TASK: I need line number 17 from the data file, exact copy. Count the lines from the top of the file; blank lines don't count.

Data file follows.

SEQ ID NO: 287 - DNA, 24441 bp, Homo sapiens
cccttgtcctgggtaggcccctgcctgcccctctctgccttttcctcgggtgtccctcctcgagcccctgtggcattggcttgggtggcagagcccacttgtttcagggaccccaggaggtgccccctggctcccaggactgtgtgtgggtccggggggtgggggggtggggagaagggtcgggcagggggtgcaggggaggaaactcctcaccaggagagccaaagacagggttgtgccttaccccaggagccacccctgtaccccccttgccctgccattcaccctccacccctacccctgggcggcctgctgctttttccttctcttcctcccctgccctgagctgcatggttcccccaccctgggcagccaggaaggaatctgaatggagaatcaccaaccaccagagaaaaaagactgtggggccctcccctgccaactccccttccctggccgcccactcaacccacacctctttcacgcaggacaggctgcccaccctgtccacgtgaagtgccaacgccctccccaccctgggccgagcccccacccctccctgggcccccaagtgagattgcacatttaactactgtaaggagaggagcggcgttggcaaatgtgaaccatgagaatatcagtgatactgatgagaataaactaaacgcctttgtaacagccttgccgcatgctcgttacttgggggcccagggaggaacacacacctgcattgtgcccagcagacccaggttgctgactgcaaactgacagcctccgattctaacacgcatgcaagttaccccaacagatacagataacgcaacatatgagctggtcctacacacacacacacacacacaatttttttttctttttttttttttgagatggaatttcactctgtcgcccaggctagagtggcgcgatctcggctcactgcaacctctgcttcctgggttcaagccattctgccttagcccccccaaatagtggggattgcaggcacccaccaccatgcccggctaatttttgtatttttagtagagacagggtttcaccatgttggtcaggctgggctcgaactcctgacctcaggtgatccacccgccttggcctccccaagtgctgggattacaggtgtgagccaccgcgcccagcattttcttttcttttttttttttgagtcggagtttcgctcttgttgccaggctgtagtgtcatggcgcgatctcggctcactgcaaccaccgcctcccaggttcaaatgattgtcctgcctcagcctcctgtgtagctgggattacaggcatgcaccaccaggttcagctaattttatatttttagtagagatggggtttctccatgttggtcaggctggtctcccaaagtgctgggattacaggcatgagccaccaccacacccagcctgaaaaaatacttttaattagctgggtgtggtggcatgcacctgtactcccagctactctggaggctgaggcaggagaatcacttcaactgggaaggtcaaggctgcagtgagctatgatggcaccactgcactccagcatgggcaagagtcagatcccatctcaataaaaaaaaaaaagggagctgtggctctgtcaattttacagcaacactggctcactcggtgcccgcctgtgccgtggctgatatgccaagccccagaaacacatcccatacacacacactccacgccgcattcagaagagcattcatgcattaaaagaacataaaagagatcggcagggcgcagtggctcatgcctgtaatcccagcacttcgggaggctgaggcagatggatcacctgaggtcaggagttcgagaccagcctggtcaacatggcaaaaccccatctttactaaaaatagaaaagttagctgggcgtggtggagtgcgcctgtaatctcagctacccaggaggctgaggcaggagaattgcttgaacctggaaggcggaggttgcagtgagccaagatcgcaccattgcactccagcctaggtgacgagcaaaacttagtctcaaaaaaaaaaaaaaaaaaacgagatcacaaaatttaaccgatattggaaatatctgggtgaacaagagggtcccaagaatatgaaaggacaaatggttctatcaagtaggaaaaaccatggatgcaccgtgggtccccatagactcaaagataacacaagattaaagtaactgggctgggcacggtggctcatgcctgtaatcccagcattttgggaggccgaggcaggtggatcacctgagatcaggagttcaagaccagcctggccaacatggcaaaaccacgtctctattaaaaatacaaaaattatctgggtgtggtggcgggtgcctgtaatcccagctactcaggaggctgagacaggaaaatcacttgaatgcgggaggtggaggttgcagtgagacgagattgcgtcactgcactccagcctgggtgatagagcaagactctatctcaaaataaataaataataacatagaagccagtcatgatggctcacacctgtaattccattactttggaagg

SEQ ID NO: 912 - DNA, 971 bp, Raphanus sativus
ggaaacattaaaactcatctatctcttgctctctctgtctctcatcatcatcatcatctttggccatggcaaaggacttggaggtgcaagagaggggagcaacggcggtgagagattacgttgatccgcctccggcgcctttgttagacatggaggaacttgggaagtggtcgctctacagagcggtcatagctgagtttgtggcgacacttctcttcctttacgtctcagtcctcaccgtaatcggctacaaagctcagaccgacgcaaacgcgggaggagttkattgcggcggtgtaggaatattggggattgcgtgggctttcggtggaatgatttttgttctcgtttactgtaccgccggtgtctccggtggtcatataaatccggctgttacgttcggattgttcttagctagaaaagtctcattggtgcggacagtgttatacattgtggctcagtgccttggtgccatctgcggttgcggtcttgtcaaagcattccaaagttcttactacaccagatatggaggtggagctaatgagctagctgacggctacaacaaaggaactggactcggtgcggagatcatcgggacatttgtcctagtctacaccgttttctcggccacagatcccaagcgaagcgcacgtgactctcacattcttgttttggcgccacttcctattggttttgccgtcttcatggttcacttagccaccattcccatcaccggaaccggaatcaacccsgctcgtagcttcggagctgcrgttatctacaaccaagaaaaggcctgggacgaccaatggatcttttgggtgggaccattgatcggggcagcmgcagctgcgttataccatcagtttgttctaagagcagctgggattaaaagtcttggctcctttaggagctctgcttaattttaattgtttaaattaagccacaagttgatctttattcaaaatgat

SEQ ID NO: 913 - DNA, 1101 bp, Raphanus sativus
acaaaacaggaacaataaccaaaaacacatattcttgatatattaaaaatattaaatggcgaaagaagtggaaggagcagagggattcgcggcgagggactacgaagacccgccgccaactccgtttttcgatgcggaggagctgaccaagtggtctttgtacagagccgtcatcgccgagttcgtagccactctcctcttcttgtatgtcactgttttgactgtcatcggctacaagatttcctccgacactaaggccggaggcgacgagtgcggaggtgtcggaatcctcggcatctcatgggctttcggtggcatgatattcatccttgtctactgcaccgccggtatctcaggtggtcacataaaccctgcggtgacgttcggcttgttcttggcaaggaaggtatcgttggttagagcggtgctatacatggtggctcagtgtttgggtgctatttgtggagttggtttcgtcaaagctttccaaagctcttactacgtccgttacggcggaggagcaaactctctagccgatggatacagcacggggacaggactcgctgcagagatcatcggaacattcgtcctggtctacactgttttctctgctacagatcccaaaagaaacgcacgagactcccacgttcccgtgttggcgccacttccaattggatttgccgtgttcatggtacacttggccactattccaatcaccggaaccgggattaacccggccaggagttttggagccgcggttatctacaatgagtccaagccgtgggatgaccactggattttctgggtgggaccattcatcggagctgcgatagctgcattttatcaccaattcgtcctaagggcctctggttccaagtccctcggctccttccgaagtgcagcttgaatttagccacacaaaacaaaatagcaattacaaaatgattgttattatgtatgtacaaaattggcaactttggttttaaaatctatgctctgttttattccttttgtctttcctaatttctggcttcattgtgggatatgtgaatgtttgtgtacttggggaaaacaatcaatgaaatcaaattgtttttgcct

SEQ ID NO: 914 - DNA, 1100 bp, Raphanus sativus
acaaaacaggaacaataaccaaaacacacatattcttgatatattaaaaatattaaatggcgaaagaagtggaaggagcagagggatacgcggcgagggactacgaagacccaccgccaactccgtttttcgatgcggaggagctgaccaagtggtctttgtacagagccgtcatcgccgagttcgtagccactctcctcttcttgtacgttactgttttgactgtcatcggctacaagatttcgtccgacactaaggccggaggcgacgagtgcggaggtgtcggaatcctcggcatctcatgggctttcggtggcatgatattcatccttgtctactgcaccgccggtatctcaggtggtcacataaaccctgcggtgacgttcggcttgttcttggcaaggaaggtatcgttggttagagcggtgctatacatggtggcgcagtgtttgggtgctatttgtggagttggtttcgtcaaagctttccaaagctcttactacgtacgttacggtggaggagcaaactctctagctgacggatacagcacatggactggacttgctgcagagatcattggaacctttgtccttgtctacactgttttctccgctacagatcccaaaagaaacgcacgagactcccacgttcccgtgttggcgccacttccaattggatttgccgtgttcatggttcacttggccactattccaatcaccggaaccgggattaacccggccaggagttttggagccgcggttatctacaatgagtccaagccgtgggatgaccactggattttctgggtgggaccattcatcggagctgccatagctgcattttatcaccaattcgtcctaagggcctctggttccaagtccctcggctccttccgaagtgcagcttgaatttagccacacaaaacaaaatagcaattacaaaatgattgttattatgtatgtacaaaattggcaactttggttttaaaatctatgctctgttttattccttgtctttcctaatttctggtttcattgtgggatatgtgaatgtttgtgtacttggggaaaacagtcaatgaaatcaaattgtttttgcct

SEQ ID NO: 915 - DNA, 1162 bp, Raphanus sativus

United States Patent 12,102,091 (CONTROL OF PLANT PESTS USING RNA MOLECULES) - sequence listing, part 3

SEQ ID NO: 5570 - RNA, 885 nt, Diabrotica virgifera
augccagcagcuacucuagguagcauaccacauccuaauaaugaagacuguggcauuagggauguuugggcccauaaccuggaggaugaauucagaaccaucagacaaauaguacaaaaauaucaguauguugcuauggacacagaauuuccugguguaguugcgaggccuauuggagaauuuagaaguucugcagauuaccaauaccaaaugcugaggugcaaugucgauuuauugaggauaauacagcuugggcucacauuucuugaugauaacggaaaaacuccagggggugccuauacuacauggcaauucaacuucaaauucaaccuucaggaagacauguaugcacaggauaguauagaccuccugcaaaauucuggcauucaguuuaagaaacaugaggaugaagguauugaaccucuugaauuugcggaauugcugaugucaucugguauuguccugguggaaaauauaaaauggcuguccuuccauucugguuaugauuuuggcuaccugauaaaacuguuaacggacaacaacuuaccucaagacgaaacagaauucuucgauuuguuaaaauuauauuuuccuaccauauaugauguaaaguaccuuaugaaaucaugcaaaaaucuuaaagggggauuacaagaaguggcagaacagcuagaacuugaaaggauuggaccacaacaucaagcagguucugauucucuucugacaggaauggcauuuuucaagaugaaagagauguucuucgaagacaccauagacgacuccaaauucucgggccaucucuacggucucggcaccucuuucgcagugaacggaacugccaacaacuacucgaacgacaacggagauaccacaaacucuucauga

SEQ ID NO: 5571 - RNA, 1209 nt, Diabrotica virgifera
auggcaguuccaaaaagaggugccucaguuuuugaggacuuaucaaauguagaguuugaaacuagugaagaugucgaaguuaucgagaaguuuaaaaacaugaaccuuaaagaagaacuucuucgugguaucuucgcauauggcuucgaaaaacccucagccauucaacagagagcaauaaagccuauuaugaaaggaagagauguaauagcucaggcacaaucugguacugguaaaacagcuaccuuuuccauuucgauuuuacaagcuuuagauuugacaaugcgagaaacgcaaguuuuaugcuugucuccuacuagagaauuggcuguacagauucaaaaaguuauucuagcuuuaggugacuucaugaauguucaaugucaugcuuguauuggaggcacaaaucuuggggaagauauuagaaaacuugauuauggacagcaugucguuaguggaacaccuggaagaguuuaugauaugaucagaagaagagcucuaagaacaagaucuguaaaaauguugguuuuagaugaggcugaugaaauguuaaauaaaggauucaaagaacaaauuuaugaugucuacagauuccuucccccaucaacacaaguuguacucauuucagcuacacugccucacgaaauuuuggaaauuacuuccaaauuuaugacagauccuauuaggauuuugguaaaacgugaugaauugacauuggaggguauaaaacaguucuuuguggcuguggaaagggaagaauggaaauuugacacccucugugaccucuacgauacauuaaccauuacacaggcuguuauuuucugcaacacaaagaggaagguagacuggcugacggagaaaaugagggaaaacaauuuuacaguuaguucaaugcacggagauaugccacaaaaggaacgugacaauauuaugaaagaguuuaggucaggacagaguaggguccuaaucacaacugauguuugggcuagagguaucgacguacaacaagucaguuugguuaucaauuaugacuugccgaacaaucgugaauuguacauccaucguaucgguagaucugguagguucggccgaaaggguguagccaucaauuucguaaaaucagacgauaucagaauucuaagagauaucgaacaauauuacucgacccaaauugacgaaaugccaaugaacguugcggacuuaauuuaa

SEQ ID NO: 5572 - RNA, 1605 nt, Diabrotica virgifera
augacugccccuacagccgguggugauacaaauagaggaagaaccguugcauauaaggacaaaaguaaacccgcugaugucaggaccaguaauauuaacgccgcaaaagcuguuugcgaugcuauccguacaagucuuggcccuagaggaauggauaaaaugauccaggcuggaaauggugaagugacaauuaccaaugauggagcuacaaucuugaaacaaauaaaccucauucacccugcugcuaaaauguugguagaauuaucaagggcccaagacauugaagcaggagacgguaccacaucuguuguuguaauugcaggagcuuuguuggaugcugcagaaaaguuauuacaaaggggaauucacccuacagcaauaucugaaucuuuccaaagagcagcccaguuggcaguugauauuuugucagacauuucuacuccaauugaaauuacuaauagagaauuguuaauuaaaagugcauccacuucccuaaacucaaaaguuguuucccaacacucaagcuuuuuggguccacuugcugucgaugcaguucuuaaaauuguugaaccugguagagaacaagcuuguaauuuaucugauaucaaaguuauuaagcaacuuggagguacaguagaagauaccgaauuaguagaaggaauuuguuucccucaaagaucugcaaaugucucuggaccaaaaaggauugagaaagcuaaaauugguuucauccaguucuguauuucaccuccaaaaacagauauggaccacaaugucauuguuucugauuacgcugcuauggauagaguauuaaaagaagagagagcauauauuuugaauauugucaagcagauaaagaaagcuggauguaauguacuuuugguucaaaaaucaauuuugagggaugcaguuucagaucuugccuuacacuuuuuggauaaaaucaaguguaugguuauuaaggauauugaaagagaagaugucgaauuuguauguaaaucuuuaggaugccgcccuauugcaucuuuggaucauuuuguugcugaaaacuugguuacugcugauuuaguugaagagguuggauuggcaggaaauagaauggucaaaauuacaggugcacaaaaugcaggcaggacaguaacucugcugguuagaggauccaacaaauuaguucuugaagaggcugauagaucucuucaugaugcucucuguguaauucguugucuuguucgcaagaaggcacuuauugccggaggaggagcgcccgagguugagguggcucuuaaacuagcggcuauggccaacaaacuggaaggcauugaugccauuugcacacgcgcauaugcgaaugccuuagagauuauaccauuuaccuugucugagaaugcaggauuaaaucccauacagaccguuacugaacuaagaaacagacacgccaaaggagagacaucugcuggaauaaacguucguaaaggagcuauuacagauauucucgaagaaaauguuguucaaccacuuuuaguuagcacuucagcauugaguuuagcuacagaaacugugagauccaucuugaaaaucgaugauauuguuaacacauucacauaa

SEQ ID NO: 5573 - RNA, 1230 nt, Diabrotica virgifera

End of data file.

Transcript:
SEQ ID NO: 5573 - RNA, 1230 nt, Diabrotica virgifera